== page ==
|Publication number||US3847884 A|
|Publication date||Nov 12, 1974|
|Filing date||Apr 20, 1973|
|Priority date||Apr 21, 1972|
|Also published as||DE2219532A1|
|Publication number||US 3847884 A, US 3847884A, US-A-3847884, US3847884 A, US3847884A|
|Inventors||E Radlmann, G Nischk|
|Original Assignee||Bayer Ag|
|Export Citation||BiBTeX, EndNote, RefMan|
|Referenced by (2), Classifications (31)|
|External Links: USPTO, USPTO Assignment, Espacenet|
United States Patent 3,847,884 ACRYLONITRILE (CO)POLYMERS CONTAINING ANTISTATIC AGENTS Edward Radlmann and Gunther Nischk, Dormagen, Germany, assignors to Bayer Aktiengesellschaft, Leverkusen, Germany No Drawing. Filed Apr. 20, 1973, Ser. No. 353,019 Claims priority, application Germany, Apr. 21, 1972, P 22 19 532.0 Int. Cl. C08f 3/76, /02, 15/22 US. Cl. 260--85.5 R 6 Claims ABSTRACT OF THE DISCLOSURE The invention relates to synthetic polymers, particularly acrylonitrile (co)polymers which contain as antistatic agent, 1 to by weight, based on the total solids content of alkoxylation products with tertiary carbonamide or sulfonamide groups attached to ether groups.
This invention relates to acrylonitrile (co) polymers which contain antistatic agents.
Shaped products of acrylonitrile (co)polymers, especially fibres, are restricted in their possible commercial applications owing to their high electric surface resistance and the consequent ease with which they accumulate undesirable electrostatic charges.
There have been many atempts to overcome this difficulty. A permanent antistatic finish cannot be achieved by applying suitable antistatic agents to the shaped product because the antistatic effect is destroyed by solvolytic or mechanical action. Theoretically the most promising process for achieving a permanent antistatic effect, namely the copolymerisation of suitable comonomers which reduce the surface resistance, has up till now failed to produce any polymers which would be of practical use because polymerisation to yield readily soluble linear macro-molecules entails great difiiculties. A simpler process consists in adding compatible antistatic agents which are temperature resistant and resistant to evaporation, hydrolysis and washing to the polymer solution or melt before shaping. The antistatic additives previously used are dithiocarbonates, phosphoric acid amides, aminocarboxylic acid amides, ureas, polyalkylene oxides and alkoxylated alcohols which contain sulphonate end groups.
It has now been found that acrylonitrile (c0)polymers which contain as additives alkoxylation products with tertiary carbonamide or sulphonamide groups attached to ether groups demonstrate a permanent antistatic efifect by a reduction in the surface resistance-The effect of the additives is not restricted to acrylonitrile (co)polymers but also applies to many other synthetic polymers.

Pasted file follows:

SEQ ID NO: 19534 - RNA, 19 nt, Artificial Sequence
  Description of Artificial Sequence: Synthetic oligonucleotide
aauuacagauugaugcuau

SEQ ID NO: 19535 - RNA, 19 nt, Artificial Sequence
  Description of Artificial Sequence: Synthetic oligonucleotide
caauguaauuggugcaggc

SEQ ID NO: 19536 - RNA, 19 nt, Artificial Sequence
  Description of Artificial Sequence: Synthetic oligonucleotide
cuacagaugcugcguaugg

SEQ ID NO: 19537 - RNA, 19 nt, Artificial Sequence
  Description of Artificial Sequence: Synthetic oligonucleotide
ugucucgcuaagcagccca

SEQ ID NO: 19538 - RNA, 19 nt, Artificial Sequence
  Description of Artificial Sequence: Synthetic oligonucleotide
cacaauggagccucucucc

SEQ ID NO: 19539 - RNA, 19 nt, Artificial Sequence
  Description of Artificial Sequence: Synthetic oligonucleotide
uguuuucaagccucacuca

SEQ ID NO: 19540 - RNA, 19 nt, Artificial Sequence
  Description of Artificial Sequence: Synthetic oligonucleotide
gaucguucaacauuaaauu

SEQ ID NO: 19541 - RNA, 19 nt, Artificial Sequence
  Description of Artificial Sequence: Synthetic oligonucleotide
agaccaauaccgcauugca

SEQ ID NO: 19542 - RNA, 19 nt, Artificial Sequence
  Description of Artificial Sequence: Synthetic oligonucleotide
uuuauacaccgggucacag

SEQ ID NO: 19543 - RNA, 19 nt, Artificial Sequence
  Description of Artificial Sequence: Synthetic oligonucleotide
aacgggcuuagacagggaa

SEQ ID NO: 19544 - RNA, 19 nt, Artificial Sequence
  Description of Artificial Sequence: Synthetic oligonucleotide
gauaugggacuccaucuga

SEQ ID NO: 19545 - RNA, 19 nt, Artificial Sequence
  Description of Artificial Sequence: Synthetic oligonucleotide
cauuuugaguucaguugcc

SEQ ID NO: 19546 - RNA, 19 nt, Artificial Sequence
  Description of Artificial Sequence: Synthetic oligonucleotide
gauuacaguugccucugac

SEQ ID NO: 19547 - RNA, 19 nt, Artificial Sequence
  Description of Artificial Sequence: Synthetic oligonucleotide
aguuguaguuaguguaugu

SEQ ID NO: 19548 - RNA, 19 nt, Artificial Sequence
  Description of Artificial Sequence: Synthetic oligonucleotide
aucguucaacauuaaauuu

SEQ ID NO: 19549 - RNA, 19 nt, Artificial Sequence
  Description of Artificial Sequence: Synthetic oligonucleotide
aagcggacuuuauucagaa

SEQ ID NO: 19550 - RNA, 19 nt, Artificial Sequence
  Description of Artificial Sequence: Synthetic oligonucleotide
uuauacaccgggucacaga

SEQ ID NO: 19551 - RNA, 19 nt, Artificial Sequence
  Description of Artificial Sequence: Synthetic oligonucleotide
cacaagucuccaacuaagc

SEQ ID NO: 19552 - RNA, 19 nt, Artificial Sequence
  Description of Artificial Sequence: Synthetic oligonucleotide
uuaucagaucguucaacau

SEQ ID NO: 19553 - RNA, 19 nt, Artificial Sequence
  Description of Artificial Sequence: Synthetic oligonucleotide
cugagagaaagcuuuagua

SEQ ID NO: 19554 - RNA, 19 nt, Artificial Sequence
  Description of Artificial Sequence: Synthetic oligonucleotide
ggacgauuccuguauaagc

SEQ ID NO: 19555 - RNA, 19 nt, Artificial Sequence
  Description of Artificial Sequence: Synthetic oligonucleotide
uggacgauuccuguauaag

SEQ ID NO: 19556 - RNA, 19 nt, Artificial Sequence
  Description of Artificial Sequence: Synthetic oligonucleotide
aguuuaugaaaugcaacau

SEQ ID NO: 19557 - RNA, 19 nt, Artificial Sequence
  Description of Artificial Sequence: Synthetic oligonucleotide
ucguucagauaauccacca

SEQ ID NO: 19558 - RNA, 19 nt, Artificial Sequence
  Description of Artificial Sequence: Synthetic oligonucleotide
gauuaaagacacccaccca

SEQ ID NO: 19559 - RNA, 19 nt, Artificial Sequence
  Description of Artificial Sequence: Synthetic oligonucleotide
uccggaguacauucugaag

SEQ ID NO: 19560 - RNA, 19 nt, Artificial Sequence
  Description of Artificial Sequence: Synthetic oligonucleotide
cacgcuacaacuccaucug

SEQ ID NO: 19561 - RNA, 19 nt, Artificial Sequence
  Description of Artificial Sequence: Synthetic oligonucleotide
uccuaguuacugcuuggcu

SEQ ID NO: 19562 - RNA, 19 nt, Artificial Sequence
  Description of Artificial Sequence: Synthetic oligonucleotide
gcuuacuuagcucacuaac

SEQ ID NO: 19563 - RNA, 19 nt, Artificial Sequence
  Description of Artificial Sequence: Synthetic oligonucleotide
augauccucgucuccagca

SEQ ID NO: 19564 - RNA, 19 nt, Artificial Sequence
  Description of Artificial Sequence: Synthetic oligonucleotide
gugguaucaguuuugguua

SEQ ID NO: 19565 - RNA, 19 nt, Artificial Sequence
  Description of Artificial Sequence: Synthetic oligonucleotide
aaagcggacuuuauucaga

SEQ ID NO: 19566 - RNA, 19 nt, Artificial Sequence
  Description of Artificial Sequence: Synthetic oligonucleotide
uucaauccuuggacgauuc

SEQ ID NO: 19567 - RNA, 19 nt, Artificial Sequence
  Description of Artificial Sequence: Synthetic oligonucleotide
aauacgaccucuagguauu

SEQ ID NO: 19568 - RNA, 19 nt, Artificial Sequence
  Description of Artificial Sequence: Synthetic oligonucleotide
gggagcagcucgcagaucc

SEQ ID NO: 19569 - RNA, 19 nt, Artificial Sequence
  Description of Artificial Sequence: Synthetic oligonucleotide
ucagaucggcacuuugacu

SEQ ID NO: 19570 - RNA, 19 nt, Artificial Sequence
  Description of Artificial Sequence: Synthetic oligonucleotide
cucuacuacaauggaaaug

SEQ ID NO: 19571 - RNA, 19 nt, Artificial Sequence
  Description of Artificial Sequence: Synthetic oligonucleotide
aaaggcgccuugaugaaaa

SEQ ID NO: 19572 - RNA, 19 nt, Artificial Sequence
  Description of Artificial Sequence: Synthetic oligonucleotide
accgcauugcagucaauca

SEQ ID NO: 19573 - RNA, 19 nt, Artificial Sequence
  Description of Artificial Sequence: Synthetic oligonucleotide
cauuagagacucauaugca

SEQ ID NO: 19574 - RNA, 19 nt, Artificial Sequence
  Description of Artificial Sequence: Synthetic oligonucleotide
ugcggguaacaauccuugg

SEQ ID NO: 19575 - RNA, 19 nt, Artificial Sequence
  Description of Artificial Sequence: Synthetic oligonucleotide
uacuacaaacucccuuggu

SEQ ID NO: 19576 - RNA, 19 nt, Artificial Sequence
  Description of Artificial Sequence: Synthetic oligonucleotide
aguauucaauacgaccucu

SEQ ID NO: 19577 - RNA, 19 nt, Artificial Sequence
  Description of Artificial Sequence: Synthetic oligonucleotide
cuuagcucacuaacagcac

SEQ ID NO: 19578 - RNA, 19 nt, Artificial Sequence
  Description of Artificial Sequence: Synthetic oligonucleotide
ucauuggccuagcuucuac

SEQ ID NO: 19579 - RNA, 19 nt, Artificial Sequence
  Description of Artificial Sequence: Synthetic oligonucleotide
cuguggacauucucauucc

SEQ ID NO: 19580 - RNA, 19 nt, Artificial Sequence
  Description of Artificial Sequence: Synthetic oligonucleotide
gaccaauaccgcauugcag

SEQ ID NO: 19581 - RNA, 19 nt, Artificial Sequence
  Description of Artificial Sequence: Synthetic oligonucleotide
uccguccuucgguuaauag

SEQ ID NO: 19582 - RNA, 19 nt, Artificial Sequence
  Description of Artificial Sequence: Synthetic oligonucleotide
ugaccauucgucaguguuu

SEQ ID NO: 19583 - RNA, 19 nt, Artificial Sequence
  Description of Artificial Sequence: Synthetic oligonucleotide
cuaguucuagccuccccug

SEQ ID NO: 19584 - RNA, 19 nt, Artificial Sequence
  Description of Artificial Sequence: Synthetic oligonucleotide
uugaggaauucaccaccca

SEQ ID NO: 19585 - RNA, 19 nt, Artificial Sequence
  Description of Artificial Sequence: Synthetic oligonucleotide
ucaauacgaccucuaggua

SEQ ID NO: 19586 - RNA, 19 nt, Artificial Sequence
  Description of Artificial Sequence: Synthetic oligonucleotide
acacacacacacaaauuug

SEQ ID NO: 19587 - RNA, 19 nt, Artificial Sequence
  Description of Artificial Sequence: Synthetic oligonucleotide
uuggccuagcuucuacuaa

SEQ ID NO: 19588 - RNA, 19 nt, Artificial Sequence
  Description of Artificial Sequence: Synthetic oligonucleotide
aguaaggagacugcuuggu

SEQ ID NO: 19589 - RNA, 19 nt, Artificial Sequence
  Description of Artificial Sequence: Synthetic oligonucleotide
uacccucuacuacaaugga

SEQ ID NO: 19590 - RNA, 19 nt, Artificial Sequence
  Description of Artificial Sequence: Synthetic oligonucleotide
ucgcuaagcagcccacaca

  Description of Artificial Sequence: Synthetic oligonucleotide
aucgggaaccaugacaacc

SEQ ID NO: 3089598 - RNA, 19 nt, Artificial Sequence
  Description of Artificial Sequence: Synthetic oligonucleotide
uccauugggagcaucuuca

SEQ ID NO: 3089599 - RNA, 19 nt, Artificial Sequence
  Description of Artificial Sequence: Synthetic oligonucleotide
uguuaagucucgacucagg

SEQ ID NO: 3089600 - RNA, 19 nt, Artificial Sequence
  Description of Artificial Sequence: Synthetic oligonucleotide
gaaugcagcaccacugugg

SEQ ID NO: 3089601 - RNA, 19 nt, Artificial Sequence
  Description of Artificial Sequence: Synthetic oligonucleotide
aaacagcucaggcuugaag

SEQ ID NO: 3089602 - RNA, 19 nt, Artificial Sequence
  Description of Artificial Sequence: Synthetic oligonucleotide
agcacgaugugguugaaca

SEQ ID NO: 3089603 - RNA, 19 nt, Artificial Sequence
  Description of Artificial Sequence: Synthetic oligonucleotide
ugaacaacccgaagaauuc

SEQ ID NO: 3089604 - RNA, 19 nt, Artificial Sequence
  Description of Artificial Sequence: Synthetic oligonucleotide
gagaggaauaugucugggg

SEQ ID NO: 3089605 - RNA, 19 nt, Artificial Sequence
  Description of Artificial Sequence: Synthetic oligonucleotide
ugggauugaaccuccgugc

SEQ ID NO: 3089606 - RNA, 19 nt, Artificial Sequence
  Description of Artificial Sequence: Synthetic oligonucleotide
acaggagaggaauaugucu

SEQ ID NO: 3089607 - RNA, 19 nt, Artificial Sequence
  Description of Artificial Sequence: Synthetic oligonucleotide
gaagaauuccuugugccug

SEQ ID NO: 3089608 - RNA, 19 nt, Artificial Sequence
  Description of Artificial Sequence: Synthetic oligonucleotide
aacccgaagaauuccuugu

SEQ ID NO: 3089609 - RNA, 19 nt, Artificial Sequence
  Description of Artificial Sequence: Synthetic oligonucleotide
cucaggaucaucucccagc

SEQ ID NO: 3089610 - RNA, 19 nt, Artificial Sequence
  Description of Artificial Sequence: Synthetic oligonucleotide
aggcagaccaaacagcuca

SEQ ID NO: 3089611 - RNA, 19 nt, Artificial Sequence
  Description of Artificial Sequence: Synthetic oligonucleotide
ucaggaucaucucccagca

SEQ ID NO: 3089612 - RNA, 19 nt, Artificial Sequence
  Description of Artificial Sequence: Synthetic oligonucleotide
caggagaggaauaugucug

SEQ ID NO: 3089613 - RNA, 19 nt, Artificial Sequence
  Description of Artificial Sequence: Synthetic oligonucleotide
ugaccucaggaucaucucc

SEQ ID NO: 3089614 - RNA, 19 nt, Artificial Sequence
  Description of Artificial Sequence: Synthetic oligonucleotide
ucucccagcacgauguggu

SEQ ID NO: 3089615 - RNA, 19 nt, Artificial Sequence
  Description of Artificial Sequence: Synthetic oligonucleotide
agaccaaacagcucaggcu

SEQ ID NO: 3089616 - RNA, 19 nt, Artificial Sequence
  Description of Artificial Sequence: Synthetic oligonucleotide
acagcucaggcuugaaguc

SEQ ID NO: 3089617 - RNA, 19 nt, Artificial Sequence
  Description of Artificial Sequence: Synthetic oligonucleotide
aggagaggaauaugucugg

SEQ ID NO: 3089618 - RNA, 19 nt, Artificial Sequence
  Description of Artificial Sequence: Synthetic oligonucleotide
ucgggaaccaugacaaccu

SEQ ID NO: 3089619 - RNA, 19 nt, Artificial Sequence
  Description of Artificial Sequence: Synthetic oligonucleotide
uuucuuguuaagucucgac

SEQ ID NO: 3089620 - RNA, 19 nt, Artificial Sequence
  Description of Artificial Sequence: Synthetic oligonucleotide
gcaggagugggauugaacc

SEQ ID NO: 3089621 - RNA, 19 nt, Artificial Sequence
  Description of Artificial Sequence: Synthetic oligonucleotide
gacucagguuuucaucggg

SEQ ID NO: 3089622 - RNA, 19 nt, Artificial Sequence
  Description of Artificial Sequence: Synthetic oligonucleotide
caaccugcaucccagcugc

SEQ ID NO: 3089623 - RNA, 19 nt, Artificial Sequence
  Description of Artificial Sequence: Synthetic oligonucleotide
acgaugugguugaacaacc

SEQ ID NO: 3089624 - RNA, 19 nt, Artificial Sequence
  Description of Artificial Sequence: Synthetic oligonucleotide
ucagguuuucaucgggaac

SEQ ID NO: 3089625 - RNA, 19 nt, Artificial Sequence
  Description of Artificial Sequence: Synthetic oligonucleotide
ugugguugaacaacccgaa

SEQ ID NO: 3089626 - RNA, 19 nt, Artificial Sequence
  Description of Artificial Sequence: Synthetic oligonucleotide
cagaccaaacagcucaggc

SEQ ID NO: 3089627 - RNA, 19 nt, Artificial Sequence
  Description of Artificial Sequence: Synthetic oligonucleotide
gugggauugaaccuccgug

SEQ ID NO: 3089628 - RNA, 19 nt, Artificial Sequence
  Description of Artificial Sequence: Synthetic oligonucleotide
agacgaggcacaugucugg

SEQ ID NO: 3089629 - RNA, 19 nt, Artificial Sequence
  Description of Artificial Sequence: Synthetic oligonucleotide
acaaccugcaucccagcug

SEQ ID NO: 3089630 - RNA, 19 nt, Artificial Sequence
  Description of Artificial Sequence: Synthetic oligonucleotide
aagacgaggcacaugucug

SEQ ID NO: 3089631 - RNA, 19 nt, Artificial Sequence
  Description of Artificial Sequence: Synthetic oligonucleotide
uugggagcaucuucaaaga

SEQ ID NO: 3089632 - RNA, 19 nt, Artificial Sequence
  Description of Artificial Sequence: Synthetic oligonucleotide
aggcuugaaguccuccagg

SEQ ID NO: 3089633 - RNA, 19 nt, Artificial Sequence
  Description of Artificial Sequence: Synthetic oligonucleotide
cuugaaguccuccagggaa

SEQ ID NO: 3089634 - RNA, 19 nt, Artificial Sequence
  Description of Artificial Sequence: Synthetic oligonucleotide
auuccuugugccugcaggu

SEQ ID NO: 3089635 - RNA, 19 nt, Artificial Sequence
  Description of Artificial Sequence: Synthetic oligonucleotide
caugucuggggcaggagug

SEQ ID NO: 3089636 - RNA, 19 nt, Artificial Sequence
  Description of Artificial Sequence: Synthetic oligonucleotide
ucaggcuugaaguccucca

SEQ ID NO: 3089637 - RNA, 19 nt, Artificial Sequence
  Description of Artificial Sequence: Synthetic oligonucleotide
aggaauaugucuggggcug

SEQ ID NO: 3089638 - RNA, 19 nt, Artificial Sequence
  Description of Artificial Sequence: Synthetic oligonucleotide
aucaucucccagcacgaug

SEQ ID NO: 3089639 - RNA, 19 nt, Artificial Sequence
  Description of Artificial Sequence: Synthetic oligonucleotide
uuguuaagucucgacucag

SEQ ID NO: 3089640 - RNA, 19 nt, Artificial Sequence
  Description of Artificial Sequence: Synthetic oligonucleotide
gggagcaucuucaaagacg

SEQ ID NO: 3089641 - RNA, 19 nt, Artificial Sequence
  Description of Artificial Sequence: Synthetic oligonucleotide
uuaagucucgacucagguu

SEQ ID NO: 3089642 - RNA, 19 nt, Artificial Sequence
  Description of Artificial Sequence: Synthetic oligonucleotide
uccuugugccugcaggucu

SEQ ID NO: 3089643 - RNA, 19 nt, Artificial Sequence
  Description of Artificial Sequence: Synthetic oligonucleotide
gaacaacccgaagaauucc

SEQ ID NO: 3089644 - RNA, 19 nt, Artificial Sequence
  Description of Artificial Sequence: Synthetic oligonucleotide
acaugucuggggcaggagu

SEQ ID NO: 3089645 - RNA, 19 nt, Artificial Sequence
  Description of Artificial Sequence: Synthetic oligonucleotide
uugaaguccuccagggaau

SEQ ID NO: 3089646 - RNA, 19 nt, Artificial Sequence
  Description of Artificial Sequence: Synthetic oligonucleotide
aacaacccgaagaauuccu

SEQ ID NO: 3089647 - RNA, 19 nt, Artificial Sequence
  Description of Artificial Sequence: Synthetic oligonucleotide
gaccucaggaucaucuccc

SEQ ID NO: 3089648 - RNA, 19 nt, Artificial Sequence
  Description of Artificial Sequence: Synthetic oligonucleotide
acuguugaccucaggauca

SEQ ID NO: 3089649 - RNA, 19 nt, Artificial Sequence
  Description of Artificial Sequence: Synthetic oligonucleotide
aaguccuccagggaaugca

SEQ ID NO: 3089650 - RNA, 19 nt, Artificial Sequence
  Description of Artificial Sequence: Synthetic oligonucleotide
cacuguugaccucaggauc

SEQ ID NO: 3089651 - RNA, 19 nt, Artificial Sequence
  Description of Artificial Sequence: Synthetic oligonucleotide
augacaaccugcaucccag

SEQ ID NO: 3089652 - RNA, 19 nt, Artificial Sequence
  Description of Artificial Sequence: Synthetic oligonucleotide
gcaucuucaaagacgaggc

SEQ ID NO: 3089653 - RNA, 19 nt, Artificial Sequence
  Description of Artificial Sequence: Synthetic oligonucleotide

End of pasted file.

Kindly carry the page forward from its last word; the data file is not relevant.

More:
This invention therefore relates to synthetic polymers, particularly acrylonitrile (co) polymers, which contain, as antistatic agent, 1 to 20% by weight, based on the total solids content, of a compound of the general formula wherein m represents an integer of from 1-150,
n represents 1 or 2,
R represents hydrogen or a methyl group,
R represents a member of the group consisting of a straight chain alkyl radical containing 1-20 carbon atoms, a branched chain alkyl radical containing 1-20 carbon atoms and an aryl radical,
3,847,884 Patented Nov. 12, 1974 X represents the group consisting of and SO B represents a member of the group consisting of an alkylene radical containing one or two carbon atoms and an arylene radical of the following general formula:
I R2 a wherein R represents a member of the group consisting of hydrogen, a lower alkyl radical containing 1-6 carbon atoms, fluorine, chlorine, bromine and iodine, R represents a member of the group consisting of hydrogen, NH N0 CN, CF Cl and Rl Ri in which R, R X and m have the meanings indicated above,
A represents the radical selected from the group consisting of R4O-,
wherein R, R R R X and m have the meanings indicated above, R represents a member of the group consisting of an alkyl radical containing 1 to 30 carbon atoms, an aryl, alkylaryl and arylalkyl radical and R represents a straight or branched chain alkylene radical with 1 to 30 carbon atoms and Y represents a straight or branched chain alkyl radical with l-20 carbon atoms, an aryl radical or, when n=1 it represents a radical of the general formula R R atlsaloaaal r wherein R, R R A, B, X and m have the meanings indicated above.
Acrylonitrile (co)polymers according to the invention are obtained, preferably in the form of threads, by adding 1 to by weight, based on the total solids content, of compounds of the general formula lln wherein A, B, R, R X, Y, m and n have the meanings indicated above to spinnable solutions or melts of these polymers and then working up the solution or melt into shaped articles.